Rich Dad Poor Dad is divided into six chapters, each containing a lesson that Kiyosaki learned from his rich dad. Here are the summaries of each lesson:


Lesson 1: The Rich Don't Work for Money




The first lesson is that the rich don't work for money; they make money work for them. Kiyosaki explains that most people are trapped in the rat race of working hard for money, but never getting ahead financially. They are driven by fear and greed: fear of not having enough money to pay their bills, and greed of wanting more money to buy more things. However, this only leads to more debt and expenses, which keep them working harder and harder.


Kiyosaki says that the key to breaking out of this cycle is to change your mindset about money. Instead of working for money, you should learn how to make money work for you. This means investing your money in assets that produce income for you, even when you are not working. Assets can be anything that puts money in your pocket, such as businesses, stocks, bonds, real estate, royalties, etc. Liabilities are anything that takes money out of your pocket, such as expenses, debts, taxes, etc. The rich focus on acquiring assets, while the poor focus on acquiring liabilities.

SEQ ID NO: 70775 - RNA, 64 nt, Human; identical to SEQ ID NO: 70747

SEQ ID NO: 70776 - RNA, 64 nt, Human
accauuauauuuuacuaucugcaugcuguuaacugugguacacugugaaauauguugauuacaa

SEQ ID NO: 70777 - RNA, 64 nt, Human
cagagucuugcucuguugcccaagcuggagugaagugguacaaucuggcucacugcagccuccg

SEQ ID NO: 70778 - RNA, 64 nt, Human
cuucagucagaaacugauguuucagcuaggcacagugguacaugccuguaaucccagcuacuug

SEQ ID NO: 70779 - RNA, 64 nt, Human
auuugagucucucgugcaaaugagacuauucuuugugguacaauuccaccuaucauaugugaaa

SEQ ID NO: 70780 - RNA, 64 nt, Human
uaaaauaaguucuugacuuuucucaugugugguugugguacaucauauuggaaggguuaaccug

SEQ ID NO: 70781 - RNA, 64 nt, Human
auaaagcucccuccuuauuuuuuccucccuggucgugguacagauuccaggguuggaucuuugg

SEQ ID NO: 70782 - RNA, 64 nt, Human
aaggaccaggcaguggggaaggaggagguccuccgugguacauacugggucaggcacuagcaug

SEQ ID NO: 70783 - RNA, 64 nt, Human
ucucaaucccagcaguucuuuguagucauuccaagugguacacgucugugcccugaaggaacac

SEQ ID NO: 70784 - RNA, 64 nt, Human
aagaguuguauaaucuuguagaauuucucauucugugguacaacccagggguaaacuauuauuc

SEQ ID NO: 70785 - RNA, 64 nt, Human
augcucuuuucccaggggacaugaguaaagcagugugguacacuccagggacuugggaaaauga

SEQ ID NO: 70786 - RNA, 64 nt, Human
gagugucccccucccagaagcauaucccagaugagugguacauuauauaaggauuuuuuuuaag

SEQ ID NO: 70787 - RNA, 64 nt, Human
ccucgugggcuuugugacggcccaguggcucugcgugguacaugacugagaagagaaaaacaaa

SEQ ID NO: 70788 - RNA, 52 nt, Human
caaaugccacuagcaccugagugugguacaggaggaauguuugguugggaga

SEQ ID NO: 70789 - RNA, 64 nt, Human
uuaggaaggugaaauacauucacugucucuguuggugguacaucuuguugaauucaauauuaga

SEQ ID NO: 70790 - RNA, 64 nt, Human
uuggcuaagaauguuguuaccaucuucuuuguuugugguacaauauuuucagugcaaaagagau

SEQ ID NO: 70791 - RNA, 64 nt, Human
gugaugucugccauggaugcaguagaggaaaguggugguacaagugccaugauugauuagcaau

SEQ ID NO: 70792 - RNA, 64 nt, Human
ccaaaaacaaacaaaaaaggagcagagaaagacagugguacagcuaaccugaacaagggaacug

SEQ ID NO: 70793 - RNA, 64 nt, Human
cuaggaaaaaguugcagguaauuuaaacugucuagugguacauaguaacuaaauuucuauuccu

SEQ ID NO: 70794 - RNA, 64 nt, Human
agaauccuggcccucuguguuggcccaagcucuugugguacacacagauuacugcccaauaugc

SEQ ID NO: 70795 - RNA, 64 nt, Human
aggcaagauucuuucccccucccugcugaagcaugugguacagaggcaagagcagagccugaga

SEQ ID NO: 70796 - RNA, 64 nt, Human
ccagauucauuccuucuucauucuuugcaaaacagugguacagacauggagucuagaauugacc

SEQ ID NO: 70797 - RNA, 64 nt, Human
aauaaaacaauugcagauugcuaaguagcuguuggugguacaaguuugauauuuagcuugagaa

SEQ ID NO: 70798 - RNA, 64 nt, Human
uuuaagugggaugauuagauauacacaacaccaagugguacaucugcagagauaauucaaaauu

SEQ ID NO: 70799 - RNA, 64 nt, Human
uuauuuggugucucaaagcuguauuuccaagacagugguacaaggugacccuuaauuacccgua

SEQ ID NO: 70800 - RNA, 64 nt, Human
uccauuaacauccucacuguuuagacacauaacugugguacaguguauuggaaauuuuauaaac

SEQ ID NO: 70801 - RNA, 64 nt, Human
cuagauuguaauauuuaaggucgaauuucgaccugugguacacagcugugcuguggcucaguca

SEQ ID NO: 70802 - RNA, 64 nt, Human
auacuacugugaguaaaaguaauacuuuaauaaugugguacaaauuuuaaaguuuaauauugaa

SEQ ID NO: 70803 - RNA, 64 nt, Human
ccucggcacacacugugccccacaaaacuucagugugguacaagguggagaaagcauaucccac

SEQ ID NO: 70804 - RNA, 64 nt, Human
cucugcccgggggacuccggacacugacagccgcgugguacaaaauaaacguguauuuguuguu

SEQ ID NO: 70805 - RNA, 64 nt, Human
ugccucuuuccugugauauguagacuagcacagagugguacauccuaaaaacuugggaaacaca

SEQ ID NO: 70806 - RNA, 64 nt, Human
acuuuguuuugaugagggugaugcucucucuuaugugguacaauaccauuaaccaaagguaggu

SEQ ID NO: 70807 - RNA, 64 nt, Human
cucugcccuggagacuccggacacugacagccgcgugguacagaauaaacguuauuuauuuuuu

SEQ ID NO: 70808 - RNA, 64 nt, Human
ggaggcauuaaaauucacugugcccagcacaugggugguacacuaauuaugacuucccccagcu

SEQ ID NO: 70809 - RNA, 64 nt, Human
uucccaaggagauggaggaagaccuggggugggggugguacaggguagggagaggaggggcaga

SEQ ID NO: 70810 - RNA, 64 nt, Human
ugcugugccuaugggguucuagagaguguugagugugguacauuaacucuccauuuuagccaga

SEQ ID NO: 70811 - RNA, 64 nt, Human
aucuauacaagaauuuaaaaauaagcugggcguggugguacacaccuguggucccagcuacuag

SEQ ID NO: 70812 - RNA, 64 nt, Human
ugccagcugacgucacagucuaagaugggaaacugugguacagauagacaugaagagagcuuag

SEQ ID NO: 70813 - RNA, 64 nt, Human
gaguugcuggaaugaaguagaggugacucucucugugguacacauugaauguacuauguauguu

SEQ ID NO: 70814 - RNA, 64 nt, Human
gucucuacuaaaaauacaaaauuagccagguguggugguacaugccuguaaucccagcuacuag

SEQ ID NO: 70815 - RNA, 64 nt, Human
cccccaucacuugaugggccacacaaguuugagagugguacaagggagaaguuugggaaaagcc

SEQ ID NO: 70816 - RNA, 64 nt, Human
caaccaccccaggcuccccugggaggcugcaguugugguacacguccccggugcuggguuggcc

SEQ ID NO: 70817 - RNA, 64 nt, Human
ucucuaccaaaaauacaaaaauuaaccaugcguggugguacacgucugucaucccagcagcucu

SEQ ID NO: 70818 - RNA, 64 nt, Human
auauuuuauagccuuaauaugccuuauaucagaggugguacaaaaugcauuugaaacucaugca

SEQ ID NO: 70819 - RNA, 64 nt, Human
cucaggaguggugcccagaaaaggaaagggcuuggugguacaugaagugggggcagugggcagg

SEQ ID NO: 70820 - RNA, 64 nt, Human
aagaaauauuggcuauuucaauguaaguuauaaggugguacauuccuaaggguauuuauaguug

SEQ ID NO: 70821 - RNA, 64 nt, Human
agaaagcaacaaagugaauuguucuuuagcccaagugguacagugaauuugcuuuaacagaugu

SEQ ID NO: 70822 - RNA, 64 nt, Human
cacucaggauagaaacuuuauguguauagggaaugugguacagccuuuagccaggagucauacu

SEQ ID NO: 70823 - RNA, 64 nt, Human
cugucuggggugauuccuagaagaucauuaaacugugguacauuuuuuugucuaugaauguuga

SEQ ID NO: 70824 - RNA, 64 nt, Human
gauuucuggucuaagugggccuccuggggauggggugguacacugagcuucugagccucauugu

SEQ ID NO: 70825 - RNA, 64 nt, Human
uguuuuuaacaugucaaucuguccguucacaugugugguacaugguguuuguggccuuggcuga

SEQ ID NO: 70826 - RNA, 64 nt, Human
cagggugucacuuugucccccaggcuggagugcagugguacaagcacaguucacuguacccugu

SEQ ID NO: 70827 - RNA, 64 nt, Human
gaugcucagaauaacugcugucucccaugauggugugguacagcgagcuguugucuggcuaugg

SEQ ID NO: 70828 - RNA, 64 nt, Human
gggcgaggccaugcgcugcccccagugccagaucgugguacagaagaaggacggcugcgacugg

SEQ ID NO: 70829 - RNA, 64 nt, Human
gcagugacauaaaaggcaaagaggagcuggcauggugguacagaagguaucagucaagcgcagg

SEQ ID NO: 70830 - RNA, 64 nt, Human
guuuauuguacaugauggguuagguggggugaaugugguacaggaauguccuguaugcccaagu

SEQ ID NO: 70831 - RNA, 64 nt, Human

Lesson 2: Why Teach Financial Literacy?




The second lesson is that financial literacy is essential for building wealth. Kiyosaki defines financial literacy as the ability to understand how money works and how to make it work for you. He says that most people lack financial literacy because they are not taught it in school or at home. They only learn how to work for money, but not how to manage it or invest it.


Kiyosaki says that one of the most important aspects of financial literacy is understanding the difference between assets and liabilities. He uses a simple formula to illustrate this: Income - Expenses = Cash Flow. If your income is greater than your expenses, you have positive cash flow; if your income is less than your expenses, you have negative cash flow. The goal is to have positive cash flow from your assets that exceeds your expenses from your liabilities.